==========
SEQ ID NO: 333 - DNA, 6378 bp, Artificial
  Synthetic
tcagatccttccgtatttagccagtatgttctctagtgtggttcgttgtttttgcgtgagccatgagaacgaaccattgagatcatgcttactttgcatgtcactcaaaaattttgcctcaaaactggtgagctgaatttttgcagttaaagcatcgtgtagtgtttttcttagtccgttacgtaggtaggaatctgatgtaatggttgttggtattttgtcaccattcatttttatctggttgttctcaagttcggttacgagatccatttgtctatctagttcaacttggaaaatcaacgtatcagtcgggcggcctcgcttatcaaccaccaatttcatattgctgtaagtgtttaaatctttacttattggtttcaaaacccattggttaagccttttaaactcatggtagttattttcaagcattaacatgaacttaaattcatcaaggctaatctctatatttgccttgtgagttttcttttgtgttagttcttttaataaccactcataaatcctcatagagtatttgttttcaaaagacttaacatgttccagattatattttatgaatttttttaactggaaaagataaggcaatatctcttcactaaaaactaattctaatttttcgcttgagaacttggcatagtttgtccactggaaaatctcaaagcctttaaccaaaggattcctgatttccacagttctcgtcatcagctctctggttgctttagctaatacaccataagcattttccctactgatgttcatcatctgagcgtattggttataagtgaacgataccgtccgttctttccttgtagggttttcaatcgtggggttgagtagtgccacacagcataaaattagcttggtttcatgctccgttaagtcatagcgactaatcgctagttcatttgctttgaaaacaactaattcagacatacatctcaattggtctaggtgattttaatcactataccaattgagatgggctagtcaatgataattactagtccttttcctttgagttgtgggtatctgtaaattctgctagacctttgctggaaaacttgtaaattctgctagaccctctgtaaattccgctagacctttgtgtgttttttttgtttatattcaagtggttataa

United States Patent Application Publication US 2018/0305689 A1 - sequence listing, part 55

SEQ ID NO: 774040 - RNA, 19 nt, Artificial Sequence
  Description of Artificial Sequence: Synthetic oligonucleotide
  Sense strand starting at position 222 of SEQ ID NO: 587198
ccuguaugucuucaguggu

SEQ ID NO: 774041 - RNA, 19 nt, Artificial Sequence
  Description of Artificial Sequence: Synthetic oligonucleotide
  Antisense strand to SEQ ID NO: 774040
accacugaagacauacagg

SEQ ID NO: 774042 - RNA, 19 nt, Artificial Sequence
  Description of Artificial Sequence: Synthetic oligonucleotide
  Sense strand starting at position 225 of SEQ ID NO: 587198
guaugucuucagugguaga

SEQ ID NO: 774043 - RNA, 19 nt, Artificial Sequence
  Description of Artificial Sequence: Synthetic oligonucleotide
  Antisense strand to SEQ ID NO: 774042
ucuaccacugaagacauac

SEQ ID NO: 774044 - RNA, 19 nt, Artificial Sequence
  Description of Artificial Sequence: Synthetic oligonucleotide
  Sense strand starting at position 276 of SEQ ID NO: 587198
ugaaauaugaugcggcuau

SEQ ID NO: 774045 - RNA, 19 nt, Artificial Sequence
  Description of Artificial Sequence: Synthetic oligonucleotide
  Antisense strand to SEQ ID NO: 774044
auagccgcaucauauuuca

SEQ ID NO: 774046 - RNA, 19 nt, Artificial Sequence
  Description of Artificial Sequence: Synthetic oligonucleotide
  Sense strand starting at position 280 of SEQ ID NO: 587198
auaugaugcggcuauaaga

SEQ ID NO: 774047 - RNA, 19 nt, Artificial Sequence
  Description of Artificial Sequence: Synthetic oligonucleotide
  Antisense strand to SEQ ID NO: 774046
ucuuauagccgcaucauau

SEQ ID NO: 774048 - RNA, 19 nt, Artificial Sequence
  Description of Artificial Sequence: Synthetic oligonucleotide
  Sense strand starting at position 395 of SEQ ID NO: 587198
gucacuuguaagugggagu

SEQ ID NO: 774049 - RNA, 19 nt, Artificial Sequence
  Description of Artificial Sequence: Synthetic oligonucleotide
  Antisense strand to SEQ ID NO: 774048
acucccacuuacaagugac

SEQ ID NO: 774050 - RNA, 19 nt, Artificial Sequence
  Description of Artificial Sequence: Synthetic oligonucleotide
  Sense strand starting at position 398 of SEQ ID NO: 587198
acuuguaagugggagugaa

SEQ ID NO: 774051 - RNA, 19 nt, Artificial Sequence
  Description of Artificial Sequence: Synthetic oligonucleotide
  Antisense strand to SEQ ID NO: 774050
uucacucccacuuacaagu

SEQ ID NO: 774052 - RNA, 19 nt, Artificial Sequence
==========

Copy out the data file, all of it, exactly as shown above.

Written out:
SEQ ID NO: 333 - DNA, 6378 bp, Artificial
  Synthetic
tcagatccttccgtatttagccagtatgttctctagtgtggttcgttgtttttgcgtgagccatgagaacgaaccattgagatcatgcttactttgcatgtcactcaaaaattttgcctcaaaactggtgagctgaatttttgcagttaaagcatcgtgtagtgtttttcttagtccgttacgtaggtaggaatctgatgtaatggttgttggtattttgtcaccattcatttttatctggttgttctcaagttcggttacgagatccatttgtctatctagttcaacttggaaaatcaacgtatcagtcgggcggcctcgcttatcaaccaccaatttcatattgctgtaagtgtttaaatctttacttattggtttcaaaacccattggttaagccttttaaactcatggtagttattttcaagcattaacatgaacttaaattcatcaaggctaatctctatatttgccttgtgagttttcttttgtgttagttcttttaataaccactcataaatcctcatagagtatttgttttcaaaagacttaacatgttccagattatattttatgaatttttttaactggaaaagataaggcaatatctcttcactaaaaactaattctaatttttcgcttgagaacttggcatagtttgtccactggaaaatctcaaagcctttaaccaaaggattcctgatttccacagttctcgtcatcagctctctggttgctttagctaatacaccataagcattttccctactgatgttcatcatctgagcgtattggttataagtgaacgataccgtccgttctttccttgtagggttttcaatcgtggggttgagtagtgccacacagcataaaattagcttggtttcatgctccgttaagtcatagcgactaatcgctagttcatttgctttgaaaacaactaattcagacatacatctcaattggtctaggtgattttaatcactataccaattgagatgggctagtcaatgataattactagtccttttcctttgagttgtgggtatctgtaaattctgctagacctttgctggaaaacttgtaaattctgctagaccctctgtaaattccgctagacctttgtgtgttttttttgtttatattcaagtggttataa

United States Patent Application Publication US 2018/0305689 A1 - sequence listing, part 55

SEQ ID NO: 774040 - RNA, 19 nt, Artificial Sequence
  Description of Artificial Sequence: Synthetic oligonucleotide
  Sense strand starting at position 222 of SEQ ID NO: 587198
ccuguaugucuucaguggu

SEQ ID NO: 774041 - RNA, 19 nt, Artificial Sequence
  Description of Artificial Sequence: Synthetic oligonucleotide
  Antisense strand to SEQ ID NO: 774040
accacugaagacauacagg

SEQ ID NO: 774042 - RNA, 19 nt, Artificial Sequence
  Description of Artificial Sequence: Synthetic oligonucleotide
  Sense strand starting at position 225 of SEQ ID NO: 587198
guaugucuucagugguaga

SEQ ID NO: 774043 - RNA, 19 nt, Artificial Sequence
  Description of Artificial Sequence: Synthetic oligonucleotide
  Antisense strand to SEQ ID NO: 774042
ucuaccacugaagacauac

SEQ ID NO: 774044 - RNA, 19 nt, Artificial Sequence
  Description of Artificial Sequence: Synthetic oligonucleotide
  Sense strand starting at position 276 of SEQ ID NO: 587198
ugaaauaugaugcggcuau

SEQ ID NO: 774045 - RNA, 19 nt, Artificial Sequence
  Description of Artificial Sequence: Synthetic oligonucleotide
  Antisense strand to SEQ ID NO: 774044
auagccgcaucauauuuca

SEQ ID NO: 774046 - RNA, 19 nt, Artificial Sequence
  Description of Artificial Sequence: Synthetic oligonucleotide
  Sense strand starting at position 280 of SEQ ID NO: 587198
auaugaugcggcuauaaga

SEQ ID NO: 774047 - RNA, 19 nt, Artificial Sequence
  Description of Artificial Sequence: Synthetic oligonucleotide
  Antisense strand to SEQ ID NO: 774046
ucuuauagccgcaucauau

SEQ ID NO: 774048 - RNA, 19 nt, Artificial Sequence
  Description of Artificial Sequence: Synthetic oligonucleotide
  Sense strand starting at position 395 of SEQ ID NO: 587198
gucacuuguaagugggagu

SEQ ID NO: 774049 - RNA, 19 nt, Artificial Sequence
  Description of Artificial Sequence: Synthetic oligonucleotide
  Antisense strand to SEQ ID NO: 774048
acucccacuuacaagugac

SEQ ID NO: 774050 - RNA, 19 nt, Artificial Sequence
  Description of Artificial Sequence: Synthetic oligonucleotide
  Sense strand starting at position 398 of SEQ ID NO: 587198
acuuguaagugggagugaa

SEQ ID NO: 774051 - RNA, 19 nt, Artificial Sequence
  Description of Artificial Sequence: Synthetic oligonucleotide
  Antisense strand to SEQ ID NO: 774050
uucacucccacuuacaagu

SEQ ID NO: 774052 - RNA, 19 nt, Artificial Sequence